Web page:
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19:25 Oct 17, 2021

Thanks Jon, that's really helpful. I've had a go at a few improvements if you fancy another read through? I still think it needs work. it doesn't feel as strong as it should based on the emotive premise. I'll sleep on it maybe.

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Jon Casper
10:04 Oct 18, 2021

Oh, I really like what you've done at the end! Got chills actually. Well done. The conflict is much clearer now, too. The flashback to the incident with dog and the locked door works well. It helps us understand what she's afraid will be written in the letter. How the childhood punishment still haunts her. In case you're ready for some line notes: My pink silk scarf [is] still covering the mirror, as it has been since I was old enough to understand. -- I think you need the "is" verb in the first phrase, to agree with the "has been" verb i...

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20:16 Oct 19, 2021

Thanks very much for your helpful comments Jon, as always. I have done quite a big edit of it tonight, hopefully it's improved, but I'm never really sure. If you have the time and the inclination I'd really appreciate your thoughts. But please don't feel obliged.

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Jon Casper
21:40 Oct 19, 2021

Certainly will! Stay tuned.

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Jon Casper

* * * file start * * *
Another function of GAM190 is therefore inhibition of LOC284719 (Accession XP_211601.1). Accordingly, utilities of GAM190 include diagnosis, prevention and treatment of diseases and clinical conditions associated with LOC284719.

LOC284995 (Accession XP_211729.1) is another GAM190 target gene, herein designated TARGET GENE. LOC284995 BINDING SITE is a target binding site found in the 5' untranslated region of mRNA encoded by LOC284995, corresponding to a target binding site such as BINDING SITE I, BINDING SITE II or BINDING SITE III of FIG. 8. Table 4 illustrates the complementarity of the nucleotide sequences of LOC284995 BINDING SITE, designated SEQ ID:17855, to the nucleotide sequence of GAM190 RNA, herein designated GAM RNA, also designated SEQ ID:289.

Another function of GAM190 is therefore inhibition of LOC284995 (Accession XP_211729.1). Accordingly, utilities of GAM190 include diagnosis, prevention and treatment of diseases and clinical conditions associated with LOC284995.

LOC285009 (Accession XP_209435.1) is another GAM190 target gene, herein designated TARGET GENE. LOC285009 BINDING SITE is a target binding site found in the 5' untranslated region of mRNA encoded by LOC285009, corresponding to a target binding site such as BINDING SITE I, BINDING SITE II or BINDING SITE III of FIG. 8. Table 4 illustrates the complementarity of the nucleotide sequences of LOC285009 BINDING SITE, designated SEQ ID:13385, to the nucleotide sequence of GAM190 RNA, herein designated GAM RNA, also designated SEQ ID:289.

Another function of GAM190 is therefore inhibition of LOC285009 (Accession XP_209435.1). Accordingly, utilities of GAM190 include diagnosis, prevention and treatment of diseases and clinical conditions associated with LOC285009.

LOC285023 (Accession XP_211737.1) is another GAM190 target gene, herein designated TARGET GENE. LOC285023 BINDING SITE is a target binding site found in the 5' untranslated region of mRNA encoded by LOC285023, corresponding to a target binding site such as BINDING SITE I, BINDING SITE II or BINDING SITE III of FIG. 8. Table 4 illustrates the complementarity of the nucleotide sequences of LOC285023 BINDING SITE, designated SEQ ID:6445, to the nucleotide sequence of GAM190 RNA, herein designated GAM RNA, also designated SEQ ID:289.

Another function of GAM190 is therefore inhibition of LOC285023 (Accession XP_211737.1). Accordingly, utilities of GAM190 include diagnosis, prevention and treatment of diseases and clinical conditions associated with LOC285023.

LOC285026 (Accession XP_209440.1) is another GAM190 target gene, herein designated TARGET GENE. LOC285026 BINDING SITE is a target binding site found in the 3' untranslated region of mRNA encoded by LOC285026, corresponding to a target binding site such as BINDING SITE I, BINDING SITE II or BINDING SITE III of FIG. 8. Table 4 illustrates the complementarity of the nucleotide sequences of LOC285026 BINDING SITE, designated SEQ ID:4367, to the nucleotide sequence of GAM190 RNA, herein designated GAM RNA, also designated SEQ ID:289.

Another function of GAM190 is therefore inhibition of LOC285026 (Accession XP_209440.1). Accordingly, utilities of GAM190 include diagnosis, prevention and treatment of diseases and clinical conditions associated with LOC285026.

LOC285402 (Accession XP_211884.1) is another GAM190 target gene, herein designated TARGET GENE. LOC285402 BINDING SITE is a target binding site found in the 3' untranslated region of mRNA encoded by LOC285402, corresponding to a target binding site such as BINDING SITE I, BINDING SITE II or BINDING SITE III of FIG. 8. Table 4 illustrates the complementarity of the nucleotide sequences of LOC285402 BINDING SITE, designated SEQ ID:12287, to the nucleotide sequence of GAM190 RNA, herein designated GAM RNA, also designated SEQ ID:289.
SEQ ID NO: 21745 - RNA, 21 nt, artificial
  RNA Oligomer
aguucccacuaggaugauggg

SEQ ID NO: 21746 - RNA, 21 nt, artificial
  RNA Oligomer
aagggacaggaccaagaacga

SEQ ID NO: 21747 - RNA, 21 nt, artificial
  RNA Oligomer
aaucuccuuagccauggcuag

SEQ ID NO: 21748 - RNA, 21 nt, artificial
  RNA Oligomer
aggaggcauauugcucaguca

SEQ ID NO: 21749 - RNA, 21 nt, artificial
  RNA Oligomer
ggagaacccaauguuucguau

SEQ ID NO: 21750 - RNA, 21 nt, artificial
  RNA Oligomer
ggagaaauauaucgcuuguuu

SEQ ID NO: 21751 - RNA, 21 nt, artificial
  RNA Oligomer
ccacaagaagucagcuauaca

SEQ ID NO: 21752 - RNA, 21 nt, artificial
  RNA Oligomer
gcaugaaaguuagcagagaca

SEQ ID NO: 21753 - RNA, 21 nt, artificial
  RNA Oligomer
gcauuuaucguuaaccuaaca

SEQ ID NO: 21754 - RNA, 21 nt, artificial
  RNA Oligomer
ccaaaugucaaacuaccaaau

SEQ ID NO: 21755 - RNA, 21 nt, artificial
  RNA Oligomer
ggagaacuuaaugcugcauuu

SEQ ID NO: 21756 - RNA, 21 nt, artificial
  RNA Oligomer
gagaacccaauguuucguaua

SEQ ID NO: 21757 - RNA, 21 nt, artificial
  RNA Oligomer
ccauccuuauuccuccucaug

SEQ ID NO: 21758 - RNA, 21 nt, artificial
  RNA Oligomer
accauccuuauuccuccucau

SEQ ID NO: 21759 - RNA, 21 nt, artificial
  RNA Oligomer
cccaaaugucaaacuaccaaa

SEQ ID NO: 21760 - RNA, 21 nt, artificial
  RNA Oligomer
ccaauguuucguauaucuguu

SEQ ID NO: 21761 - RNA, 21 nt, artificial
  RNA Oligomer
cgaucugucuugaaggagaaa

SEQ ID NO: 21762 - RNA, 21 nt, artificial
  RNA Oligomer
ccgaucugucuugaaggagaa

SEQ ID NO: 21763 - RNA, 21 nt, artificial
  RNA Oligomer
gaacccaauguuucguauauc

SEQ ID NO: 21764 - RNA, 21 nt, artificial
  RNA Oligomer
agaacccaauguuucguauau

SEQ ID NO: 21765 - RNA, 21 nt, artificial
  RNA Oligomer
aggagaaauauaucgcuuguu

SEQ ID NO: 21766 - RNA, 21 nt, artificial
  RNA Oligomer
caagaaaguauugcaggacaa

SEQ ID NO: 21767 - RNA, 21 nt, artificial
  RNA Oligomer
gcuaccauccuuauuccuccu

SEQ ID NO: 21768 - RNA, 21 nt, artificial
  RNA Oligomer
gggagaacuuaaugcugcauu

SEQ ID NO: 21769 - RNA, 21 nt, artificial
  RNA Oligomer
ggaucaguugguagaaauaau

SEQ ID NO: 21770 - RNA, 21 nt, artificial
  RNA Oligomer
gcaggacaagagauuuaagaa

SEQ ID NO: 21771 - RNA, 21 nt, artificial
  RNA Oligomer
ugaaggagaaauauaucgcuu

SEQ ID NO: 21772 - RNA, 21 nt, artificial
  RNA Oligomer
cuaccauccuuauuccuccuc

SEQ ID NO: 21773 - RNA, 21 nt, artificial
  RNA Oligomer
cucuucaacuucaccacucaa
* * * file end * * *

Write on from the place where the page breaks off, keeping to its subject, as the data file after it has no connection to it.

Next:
22:48 Oct 19, 2021

Katharine- I love the changes. Excellent job! The sun is drawing away, slowly at first, like an evening steam train -- Nice description. We both feel quiet relief. -- This feels like head-hopping. If the story is in Liz's POV, we don't know what Dad feels. Maybe something like, "He looked as relieved as I feel"? I force paper from paper, releasing a prisoner from eight years ago -- I like this metaphor a lot! And what if there was a fire!? -- I'm not sure about this punctuation. Did you mean for this to be an "interrobang" (a question t...

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22:46 Oct 20, 2021

Thank you! You are right about the head hopping. I'll fix that. The interrobang is intentional. But perhaps it breaks the flow? I'll think about it. Yes, the mirror writing is new. I thought it might help to force Liz's hand and give a hark back to her childhood at the same time. I'm glad you liked it overall. I wasn't sure if the changes to the storyline were an improvement or not. But hopefully they are.

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22:48 Oct 20, 2021

Also, one other thing. You mentioned pavement before. This might be a British thing. Over here a pavement is where pedestrians walk. ? Sidewalk over there?

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16:20 Oct 17, 2021

Very rough draft - I have plenty of word count to play with. General impressions very welcome at this stage - maybe save any line-by-line for when I do some editing? Is the end ok? I'm considering writing her dad or a boyfriend or something at the end to offer a bit of comfort? Does it meet the prompt?

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Keya Jadav
05:00 Oct 18, 2021

The ending is as perfect as it could be :)